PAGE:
Image Source: news.in.msn.com
So your wish for a peaceful departure was granted, you finally met Bade Mian the way you wanted. I am gussa at you for no reason, and I hope the Bandobast at your cremation is really good and one befitting a man of your stature. Just two days back I blogged about you, I never knew your time was up. But then I guess Kawal must be waiting for you. For you made her wait an awful long time to complete your mission, twelve years to be exact. I hope you had your single malt last night and a good dinner too. When the solicitor texted me today with this sad news, the natural reaction was that of disbelief. Just two words, “Khushwant Singh” were enough, Google filled me in of your sad departure.
As I write this eulogy in your honor I get flashbacks of characters and instances I have read in your books. The human mind is strange, recalling a movie scene is one thing, but imagining about something you have read is totally different, for the human is imaginative beyond limits. It can conjure events, instances, acts, scenes in a very different way, and these are the kind of literary flashbacks I am talking about. I think of Bhagmati, I think of you, you old sod, I imagine of the Sikh who lets the Muslim woman escape (from your Novel Delhi), I imagine about Mir Taqi Mir (Delhi Novel, again), my mind races to a group of small children in Hadali, doing Gheesi at night to clean their bottoms after defecating. Then I think of Mala and Rahul, boy they must be old. I imagine coming to your place at Sujan Singh Park right on time, for you do not like being late. I imagine being offered Scoth on the Rocks, which I refuse. I imagine you talking to me. I crack a joke at you, reminding you of the fellow who wrote a letter to you calling you, “Pakistani randi ka bacha”, I imagine you laughing, you old sod. Then I think of Juggut Singh, Mohin Kumar, the “Borra Binch”, Molly Gomes and Dhanno. I remember you writing somewhere about Empror Akbar having 5000 women in his Harem, lucky sod I say.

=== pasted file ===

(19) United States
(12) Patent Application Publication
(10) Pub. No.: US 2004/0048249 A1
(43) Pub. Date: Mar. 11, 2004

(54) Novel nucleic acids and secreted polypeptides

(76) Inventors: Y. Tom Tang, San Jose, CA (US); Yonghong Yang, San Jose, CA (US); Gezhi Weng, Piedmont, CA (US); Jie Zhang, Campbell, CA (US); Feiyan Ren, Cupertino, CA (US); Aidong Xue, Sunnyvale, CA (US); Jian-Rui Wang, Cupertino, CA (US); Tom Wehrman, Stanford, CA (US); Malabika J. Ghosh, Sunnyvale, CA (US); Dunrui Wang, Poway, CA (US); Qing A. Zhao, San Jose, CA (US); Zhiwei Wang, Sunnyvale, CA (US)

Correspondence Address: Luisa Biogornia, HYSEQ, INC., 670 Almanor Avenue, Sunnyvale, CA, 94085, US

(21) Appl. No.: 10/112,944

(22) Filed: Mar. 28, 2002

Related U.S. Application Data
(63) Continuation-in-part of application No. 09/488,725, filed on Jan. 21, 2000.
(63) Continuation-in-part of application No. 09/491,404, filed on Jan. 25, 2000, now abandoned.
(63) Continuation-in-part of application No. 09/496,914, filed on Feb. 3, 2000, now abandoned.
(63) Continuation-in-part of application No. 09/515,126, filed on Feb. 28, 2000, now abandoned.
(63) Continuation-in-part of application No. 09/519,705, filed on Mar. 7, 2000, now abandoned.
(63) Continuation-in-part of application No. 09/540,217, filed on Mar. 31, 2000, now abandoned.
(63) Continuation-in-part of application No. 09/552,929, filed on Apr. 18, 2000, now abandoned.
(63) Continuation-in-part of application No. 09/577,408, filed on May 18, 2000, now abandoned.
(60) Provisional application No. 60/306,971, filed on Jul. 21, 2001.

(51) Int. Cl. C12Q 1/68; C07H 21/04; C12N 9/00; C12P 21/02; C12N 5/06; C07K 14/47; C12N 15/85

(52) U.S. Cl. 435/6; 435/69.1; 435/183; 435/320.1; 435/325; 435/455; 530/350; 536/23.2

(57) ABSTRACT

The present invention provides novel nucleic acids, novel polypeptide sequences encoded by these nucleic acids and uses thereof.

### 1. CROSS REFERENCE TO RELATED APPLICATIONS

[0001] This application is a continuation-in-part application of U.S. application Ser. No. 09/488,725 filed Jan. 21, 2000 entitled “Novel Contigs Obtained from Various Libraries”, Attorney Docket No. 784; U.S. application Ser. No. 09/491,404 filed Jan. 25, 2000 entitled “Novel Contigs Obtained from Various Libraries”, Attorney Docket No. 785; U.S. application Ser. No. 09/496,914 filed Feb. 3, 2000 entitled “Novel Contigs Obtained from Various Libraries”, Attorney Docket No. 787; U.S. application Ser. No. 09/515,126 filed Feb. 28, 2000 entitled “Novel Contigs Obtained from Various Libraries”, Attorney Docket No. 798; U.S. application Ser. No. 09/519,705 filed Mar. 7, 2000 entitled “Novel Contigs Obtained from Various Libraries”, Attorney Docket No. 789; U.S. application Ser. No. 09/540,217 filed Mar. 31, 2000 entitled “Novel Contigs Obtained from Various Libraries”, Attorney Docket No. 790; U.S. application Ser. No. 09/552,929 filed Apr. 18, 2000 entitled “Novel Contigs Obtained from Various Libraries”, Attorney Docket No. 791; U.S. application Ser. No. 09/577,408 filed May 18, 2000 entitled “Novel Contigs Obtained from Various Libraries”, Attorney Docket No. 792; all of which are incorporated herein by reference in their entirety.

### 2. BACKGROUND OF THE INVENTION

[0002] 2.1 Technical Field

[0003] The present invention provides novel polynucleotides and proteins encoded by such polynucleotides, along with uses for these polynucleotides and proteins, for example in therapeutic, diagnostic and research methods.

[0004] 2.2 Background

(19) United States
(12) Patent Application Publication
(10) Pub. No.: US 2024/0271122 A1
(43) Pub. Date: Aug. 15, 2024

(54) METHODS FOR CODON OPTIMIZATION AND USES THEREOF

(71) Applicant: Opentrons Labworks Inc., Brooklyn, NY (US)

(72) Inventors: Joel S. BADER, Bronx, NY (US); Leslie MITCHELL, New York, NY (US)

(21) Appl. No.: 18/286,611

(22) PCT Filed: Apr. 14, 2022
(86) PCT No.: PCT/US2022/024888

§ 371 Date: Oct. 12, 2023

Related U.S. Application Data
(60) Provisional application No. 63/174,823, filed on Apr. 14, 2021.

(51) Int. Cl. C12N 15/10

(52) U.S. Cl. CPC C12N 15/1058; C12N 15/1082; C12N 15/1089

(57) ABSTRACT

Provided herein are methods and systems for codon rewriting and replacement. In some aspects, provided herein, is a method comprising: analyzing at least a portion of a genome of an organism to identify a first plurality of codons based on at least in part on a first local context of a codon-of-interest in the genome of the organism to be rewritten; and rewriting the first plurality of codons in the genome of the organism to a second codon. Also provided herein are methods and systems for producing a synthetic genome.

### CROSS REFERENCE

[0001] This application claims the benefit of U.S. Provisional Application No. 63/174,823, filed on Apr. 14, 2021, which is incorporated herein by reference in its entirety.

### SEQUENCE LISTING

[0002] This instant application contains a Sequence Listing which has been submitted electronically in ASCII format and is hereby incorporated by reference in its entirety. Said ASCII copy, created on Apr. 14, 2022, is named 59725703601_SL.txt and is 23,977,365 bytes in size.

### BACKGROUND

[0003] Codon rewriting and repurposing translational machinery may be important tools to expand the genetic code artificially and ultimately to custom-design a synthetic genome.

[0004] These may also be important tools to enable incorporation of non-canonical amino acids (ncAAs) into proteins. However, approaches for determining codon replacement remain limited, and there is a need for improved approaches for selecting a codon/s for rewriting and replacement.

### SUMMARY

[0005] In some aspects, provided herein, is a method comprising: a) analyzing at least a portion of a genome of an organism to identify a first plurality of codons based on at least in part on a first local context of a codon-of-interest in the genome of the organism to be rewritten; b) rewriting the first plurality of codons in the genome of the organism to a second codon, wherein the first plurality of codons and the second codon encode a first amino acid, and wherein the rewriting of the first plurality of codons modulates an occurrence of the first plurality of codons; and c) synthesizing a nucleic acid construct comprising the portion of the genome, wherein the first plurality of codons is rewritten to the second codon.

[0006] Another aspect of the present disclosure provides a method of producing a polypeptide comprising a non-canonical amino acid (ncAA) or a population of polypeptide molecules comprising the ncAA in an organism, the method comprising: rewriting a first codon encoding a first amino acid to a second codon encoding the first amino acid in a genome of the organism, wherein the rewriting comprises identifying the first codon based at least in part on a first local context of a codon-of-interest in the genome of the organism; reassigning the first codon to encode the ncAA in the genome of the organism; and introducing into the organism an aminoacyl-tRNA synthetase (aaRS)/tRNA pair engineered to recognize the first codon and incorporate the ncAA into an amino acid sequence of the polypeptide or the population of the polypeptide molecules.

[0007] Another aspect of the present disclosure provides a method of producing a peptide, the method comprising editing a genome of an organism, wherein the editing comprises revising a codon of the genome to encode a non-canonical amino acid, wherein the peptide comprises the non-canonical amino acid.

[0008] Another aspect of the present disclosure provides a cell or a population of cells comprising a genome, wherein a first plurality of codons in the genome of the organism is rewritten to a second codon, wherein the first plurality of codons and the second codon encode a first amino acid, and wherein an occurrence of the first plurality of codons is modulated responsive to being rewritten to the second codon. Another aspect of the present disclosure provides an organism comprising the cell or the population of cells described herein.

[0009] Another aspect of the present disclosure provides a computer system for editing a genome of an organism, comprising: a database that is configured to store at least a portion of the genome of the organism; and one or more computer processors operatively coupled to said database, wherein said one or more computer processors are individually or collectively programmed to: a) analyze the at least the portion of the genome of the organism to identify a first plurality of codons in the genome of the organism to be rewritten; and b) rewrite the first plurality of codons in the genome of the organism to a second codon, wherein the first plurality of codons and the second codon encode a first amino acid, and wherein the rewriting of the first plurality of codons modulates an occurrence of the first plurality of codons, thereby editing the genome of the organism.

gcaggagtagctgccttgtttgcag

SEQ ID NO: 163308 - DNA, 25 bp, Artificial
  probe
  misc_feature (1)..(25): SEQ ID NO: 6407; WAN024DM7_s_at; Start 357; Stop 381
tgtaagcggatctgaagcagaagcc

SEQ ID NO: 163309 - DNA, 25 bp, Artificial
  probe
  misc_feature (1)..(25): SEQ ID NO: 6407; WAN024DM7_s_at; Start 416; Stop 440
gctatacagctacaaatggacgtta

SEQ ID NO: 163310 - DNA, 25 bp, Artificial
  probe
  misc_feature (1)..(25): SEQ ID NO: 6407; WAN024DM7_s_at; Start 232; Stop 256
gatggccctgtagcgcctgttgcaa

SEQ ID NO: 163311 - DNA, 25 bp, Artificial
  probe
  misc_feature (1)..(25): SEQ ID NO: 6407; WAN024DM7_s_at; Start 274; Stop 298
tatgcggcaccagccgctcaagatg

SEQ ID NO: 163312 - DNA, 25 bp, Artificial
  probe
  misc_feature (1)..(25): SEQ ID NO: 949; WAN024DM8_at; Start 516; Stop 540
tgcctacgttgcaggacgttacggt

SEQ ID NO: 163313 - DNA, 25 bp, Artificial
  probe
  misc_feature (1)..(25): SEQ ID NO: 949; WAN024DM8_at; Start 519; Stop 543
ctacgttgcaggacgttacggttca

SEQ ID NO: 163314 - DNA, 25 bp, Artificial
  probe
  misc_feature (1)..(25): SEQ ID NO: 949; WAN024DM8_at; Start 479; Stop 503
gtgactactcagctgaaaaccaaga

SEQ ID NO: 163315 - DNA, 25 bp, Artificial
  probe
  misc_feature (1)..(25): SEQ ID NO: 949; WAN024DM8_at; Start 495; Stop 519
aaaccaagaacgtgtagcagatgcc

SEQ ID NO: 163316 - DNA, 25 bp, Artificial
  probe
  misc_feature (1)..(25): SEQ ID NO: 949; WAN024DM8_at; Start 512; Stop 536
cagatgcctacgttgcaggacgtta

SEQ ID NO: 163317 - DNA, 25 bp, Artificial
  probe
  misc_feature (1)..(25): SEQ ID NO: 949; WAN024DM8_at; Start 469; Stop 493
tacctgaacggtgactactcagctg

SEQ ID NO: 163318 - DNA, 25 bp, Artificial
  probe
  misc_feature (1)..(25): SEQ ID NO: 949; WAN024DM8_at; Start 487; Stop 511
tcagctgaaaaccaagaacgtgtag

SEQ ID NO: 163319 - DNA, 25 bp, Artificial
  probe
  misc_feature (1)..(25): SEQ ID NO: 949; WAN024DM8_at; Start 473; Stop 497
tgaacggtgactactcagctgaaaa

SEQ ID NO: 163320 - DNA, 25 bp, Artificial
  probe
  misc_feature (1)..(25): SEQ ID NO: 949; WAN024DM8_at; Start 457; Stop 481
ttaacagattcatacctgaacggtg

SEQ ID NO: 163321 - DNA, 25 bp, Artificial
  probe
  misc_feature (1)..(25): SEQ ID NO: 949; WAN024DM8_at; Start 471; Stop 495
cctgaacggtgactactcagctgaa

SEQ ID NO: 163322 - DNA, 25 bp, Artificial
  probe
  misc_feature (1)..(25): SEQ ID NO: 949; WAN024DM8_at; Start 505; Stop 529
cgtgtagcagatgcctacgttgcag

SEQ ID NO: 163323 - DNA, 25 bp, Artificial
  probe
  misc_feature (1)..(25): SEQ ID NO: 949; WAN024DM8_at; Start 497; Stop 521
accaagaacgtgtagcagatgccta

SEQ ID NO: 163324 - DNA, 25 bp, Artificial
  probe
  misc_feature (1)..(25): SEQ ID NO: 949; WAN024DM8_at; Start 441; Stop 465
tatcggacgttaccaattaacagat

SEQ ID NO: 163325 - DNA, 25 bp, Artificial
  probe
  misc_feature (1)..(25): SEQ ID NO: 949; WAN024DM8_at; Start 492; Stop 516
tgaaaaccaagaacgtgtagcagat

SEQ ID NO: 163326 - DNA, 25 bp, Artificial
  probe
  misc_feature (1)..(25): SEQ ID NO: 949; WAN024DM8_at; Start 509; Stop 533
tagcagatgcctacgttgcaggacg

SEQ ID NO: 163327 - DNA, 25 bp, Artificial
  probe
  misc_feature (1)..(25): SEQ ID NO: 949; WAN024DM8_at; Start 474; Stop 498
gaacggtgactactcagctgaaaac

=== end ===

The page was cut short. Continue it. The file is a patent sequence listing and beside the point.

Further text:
I come home and tell me wife of your departure, she is taken aback. She senses I am sad. She consoles me by saying, “well, he might be gone but you still have his books.” My daughter asks me, “How was your day?”, I tell her, “my friend died”. She asks “which one?”, I say, “Khushwant Singh”. “Oh says she” and walks out of the room. I tell them I am in mourning, they are quiet and exchange weird looks. The man has gone cuckoo, they think, I know for sure. How can you call someone a “friend” without having met him? How can you mourn someone without ever having met him? You cannot, but Khushwant Singh, you can. For he is known because of his writings, world over.
Flashbacks come again, I am reminded of a letter you received somewhere from Canada, with no address on the envelope, just your name, Delhi and the word “Bastard” written on it. I know you laughed it off and in fact complimented the Indian Postal Service for their efficiency, in being able to find you and deliver the letter. You know, where I come from they don’t stock books of authors where you come from. So I have to look around really hard to find them. They say, when a person dies, all departed souls come to greet him or her. They also say, all souls rest in a special place till doomsday, but hey, you don’t believe in resurrection or afterlife so this may not apply to you, since you are an agnostic.
I imagine you coming out of a swimming pool wearing your swimming cap, laying down on the sun chair and having a malt. Man, you got me very imaginative. Now that you are gone, I am sure you must have met Kawal, Manur Qadir, Mountbatten, Gurcharan Singh Tohra (whom you disliked so much), Z.A. bhutto and even Zia ul Haq. Old man, you will be missed dearly, but then your writings will prevail and fill the great void.
Life gallops on at at reckless pace
I know not where it will stop
The reins are not in my hands
My feet not in the stirrups. ~ Mirza Ghalib.
You wanted to be remembered as someone who made people smile. Well you have done that, quite too often, many times, over and over again. Mission accomplished.
And finally your favorite couplet by Iqbal:
Baagh-e-bahisht sey mujhey hukm-e safar diya tha kyon?
Kaar-e-Jahan daraz hai, ab mera intizar kar.
Bon Voyage, old man.